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Fighting in Sudan Explodes Between Army and Paramilitary Forces, International Community Condemns the Violence

Darren Maung
Darren is an aspiring writer who wishes to share or create stories to the world and bring humanity together as one. A massive Star Wars nerd and history buff, he finds enjoyable, heart-warming or interesting subjects in any written media.
Published: April 18, 2023
Several Sudanese citizens fleeing the military unrest happening across the capital of Khartoum, where more than 185 people have died in the chaos. (Image: Anonymous/AFP via Getty Images)

On April 15, heavy fighting broke out between two rival factions in Sudan, taking the lives of more than a hundred people in three days of violence, an envoy for the United Nations (UN) reported. 

The escalation of violence has raised alarms in both the local and international communities, with fears of civil war looming.

The fight rages on

The UN special representative for Sudan, Volker Perthes, found that around 185 people were killed in the crisis, with another 1,800 injured, al-Jazeera wrote. As of now, there have been reports of both sides using heavy military might — from tanks to aircraft — in “densely populated areas.” 

“It’s a very fluid situation so it’s very difficult to say where the balance is shifting to,” Perthes said on Monday. He also told reporters in New York that both warring factions were “not giving the impression that they want mediation for a peace between them right away.”

The military crisis has seen thousands of armed fighters clash against each other, trapping millions of civilians. Supplies are also depleting in several areas across the country.

The Khartoum airport and the presidential palace are points of contention for both sides, with each party claiming control over the sites.

“Gunfire and shelling are everywhere,” Awadeya Mahmoud Koko, leader of a union for tea vendors and food workers, said from her home in the capital of Khartoum. A shell struck a nearby house on Apr. 16, killing three people. “We couldn’t take them to a hospital or bury them.”

“I can see from my residence smoke coming out from some buildings,” a man told the BBC. “I can hear blasts, bombs, I can see military planes.”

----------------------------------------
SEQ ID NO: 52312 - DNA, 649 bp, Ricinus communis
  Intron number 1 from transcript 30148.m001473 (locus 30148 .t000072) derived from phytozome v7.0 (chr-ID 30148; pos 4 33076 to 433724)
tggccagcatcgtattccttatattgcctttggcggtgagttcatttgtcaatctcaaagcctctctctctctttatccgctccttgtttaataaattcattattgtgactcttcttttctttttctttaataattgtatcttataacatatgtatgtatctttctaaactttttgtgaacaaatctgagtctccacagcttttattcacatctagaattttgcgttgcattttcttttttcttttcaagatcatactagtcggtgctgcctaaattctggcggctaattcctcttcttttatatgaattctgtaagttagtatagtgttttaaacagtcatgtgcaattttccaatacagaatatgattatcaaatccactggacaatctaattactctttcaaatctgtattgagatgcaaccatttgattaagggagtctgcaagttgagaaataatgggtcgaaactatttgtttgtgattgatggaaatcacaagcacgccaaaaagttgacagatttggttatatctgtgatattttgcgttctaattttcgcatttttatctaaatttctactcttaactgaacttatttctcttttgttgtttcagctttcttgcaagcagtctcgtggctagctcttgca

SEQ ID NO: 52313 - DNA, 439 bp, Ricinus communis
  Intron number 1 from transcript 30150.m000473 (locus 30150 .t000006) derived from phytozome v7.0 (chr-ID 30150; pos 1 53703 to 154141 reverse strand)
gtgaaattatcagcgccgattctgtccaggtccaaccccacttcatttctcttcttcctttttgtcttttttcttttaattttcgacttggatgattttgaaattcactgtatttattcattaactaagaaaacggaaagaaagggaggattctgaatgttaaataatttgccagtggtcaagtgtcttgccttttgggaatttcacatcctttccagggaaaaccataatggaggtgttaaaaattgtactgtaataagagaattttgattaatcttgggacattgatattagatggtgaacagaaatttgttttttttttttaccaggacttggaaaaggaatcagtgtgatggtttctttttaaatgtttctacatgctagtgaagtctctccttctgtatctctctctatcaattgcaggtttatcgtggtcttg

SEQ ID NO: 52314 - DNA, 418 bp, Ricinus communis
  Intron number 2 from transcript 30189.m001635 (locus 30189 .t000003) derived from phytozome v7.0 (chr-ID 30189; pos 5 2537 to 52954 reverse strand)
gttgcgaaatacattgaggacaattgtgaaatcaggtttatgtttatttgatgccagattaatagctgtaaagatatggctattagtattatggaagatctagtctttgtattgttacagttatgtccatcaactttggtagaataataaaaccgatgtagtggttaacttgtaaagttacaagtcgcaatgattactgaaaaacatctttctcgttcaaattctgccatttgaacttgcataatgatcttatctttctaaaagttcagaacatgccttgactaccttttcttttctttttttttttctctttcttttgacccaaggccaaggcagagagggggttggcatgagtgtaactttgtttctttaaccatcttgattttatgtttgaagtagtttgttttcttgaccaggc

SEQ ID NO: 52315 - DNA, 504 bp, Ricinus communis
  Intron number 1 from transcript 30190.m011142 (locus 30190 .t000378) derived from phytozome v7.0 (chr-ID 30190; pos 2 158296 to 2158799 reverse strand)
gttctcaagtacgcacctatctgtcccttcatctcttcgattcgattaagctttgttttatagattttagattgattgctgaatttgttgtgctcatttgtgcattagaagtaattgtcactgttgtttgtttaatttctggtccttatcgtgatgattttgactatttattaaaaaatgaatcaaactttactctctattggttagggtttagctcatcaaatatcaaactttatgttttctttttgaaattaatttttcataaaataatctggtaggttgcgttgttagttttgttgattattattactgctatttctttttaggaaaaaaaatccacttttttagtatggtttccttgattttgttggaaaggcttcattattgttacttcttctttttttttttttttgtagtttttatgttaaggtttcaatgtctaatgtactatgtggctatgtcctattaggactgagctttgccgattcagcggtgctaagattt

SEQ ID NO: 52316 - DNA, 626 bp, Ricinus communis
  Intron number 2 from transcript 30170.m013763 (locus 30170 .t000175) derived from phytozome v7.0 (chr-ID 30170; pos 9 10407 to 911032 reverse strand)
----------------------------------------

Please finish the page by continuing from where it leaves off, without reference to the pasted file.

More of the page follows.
What triggered the conflict?

The violence began on April 15, when two Sudanese military commanders — General Abdel Fattah al-Burhan of the Armed Forces, and General Mohamed Hamdan Dagalo, head of the paramilitary force, the Rapid Support Forces (RSF) — vied for power. 

Back in 2019, the two were allies in a military coup that overthrew dictator Omar al-Bashir. But when a transition to a democratic civilian government failed, cracks formed, The Guardian wrote.

“The bullet, when it escapes from the weapon, will not differentiate between the aggressor and the non-aggressor, and the victims are the Sudanese,” former prime minister Abdalla Hamdok, also deposed, said, calling for the two generals to cease the fighting.

As resistance against the military government under al-Burhan rose, Dagalo — also known as Hemedti — attempted to make a plan for a new transition, which caused tensions with al-Burhan. When civilians requested oversight of the military and the RSF was absorbed into the regular armed forces, the tensions only got worse.

International response

The global community has condemned the violence that has broke out in Khartoum, calling for an end to the fighting.

U.S. Secretary of State Anthony Blinken called the crisis “fragile,” though he hoped that there was a chance for a civilian-led government.

“We urge all actors to stop the violence immediately and avoid further escalations or troop mobilisations and continue talks to resolve outstanding issues,” he said.

Several Middle Eastern countries, including Qatar, the United Arab Emirates (UAE) and Saudi Arabia, expressed their concerns, stating their hopes for peace talks to end the fighting. The UAE embassy in Khartoum was also said to be following “with great concern.”

“The ongoing violence across Sudan must stop immediately,” British Foreign Secretary James Cleverly said on Twitter.